Moreover, we cannot spend the same amount of time and work on one single Millennium Photo as the government can on printed banknotes. With that said, we always employ a level of craftsmanship in creating our products equivalent to that in creating banknote originals.

In etching, a deep dark color is expressed by intersecting lines, and a three-dimensional feel is also achieved. However, it is difficult to reproduce such line intersections on metal engravings due to reasons related to processing and strength. Therefore, in metal engraving, color tones and a three-dimensional feel are reproduced by engraving many wave-shaped curved grooves which do not intersect one another. This technique has been used over many years in copper etching. It is used in expressing color tones and in achieving a three-dimensional feel, and was unique to copper etching and hand-drawn illustrations. While fine granules and dots are used in reproducing flexible color tones in photographs, it was not possible for them to express a three-dimensional feel as in copper etching.

Millennium Photos were invented when we considered how to reproduce a three-dimensional feel on photographs in the same way as on banknotes and copper etching.

A sense of weight

What is the difference between banknotes, copper etching and Millennium Photos?

Some etched drawings are extremely detailed and so precise that they look like photographs. Such etching works are created with outstanding skill; however, is it true that Millennium Photo can easily and simply create such extremely precise images based on photographs?

We explained above that there are two types of metal etching plates. The first one has an almost flat surface colored using silk-screen printing and laser marking, and the second uses metal plates with clearly uneven surfaces created through engraving. A Millennium Photo, in the same way as the latter type of metal engraving, has a deeply engraved uneven surface. If you touch the surface you can clearly feel the unevenness. Millennium Photos achieve this sense of depth more than with copper etching by combining such uneven surfaces and the reproduction of a three-dimensional feel using lines which are similar to those used in copper etching. Millennium Photos have many different appearances depending on the strength of the light and the angle they are viewed from, and achieve unprecedented visual effects which reflect light in complex ways. Simply speaking, Millennium Photos are similar to original copper plates for printing copper etching works, but have much deeper engraving than on such copper plates and show a completely different world through using line width.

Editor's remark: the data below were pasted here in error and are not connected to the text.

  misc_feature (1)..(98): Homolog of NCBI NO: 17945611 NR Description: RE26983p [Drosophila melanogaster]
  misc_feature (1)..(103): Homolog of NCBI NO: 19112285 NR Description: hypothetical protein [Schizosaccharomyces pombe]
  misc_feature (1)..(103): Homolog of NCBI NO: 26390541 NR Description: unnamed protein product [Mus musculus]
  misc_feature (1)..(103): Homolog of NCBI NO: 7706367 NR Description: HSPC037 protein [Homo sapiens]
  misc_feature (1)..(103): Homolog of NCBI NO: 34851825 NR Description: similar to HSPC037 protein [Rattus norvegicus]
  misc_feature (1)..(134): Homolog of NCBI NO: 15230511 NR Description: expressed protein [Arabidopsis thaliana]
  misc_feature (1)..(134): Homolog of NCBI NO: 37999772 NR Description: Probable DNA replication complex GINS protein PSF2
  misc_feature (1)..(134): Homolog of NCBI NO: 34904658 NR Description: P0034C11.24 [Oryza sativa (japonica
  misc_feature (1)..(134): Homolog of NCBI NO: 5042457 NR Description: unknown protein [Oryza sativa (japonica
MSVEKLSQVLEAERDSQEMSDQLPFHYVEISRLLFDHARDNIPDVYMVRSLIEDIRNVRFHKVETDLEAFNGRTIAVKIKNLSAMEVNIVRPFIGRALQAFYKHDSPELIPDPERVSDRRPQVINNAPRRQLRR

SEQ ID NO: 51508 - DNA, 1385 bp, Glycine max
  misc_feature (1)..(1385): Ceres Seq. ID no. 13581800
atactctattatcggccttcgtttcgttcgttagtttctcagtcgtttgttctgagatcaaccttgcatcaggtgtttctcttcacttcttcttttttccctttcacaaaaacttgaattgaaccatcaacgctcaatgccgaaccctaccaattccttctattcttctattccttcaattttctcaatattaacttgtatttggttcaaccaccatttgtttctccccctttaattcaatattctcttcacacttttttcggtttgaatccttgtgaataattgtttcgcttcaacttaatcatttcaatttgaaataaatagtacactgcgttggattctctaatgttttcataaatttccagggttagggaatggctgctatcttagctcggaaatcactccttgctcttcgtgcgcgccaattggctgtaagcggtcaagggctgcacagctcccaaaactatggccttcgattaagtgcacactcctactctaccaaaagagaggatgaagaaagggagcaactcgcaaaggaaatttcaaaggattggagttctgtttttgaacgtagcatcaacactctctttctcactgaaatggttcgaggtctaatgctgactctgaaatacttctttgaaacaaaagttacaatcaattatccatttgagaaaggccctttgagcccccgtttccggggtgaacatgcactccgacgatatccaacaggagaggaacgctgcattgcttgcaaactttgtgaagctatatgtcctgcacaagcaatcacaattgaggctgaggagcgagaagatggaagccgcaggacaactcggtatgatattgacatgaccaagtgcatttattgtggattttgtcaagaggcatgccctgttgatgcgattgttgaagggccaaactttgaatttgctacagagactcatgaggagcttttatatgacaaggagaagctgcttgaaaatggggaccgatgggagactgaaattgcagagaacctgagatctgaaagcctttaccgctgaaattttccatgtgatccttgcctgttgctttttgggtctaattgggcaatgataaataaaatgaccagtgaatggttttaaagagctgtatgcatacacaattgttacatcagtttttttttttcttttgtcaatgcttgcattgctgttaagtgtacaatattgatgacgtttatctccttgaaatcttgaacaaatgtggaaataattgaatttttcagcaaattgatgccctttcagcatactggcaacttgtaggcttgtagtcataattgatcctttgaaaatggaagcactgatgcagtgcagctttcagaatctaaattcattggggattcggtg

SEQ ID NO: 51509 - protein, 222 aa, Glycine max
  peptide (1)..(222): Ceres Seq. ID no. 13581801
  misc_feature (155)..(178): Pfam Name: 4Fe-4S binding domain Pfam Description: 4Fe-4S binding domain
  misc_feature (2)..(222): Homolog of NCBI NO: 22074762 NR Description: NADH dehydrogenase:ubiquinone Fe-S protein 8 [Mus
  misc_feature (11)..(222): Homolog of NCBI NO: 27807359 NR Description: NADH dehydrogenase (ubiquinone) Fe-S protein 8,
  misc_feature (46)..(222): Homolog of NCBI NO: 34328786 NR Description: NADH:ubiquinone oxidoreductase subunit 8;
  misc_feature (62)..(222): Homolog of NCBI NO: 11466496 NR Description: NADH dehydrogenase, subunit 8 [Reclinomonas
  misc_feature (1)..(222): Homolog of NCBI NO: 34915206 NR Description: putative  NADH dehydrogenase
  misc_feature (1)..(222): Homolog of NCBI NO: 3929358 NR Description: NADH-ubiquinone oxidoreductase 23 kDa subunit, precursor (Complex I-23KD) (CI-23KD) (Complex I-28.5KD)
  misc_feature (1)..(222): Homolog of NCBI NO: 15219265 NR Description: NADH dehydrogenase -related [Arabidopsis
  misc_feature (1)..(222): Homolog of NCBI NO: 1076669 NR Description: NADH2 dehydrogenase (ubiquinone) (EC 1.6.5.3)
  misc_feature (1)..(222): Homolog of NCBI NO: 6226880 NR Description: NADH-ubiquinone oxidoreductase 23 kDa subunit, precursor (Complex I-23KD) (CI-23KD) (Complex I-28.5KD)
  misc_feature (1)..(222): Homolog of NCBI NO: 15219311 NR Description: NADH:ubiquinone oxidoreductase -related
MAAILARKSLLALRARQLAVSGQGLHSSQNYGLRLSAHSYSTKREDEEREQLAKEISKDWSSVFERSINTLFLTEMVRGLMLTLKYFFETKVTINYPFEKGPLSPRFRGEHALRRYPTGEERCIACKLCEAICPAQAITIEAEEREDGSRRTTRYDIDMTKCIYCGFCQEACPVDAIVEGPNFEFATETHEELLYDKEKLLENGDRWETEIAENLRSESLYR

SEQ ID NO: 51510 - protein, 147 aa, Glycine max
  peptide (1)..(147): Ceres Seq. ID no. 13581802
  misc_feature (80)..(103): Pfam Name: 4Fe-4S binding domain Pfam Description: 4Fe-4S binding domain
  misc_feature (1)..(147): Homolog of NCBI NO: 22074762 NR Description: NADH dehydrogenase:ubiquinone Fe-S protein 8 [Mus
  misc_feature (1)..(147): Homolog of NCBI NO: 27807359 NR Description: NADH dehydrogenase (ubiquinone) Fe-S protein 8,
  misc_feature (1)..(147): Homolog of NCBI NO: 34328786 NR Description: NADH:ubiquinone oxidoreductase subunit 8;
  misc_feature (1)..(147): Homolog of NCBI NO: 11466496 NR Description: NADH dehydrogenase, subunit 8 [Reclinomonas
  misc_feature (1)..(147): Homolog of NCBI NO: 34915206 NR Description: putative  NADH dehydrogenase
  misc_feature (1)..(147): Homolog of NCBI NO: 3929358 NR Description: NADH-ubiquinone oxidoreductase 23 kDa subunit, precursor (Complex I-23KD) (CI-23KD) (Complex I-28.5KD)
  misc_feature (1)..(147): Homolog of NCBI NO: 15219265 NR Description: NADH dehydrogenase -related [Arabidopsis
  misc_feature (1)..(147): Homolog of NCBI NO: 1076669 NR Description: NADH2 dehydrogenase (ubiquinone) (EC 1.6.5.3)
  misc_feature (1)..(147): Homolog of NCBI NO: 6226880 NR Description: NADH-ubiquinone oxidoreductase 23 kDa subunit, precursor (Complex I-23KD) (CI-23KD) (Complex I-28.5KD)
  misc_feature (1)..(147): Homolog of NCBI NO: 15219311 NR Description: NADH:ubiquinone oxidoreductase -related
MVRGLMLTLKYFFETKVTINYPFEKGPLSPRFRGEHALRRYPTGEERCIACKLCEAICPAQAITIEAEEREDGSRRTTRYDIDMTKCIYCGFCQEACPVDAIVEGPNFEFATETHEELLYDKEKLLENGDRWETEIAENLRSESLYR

Moreover, different background patterns are available, such as wavy patterns. Even though the wavy pattern background uses wavy lines, the background of the original photograph can be clearly reproduced.

This is a unique feature of Millennium Photos which cannot be fully explained on the website or in print. Please visit our workshop and actually see our products.

The portrait of Hirobumi Ito on the Japanese 1,000 yen banknote issued between 1963 and 1986.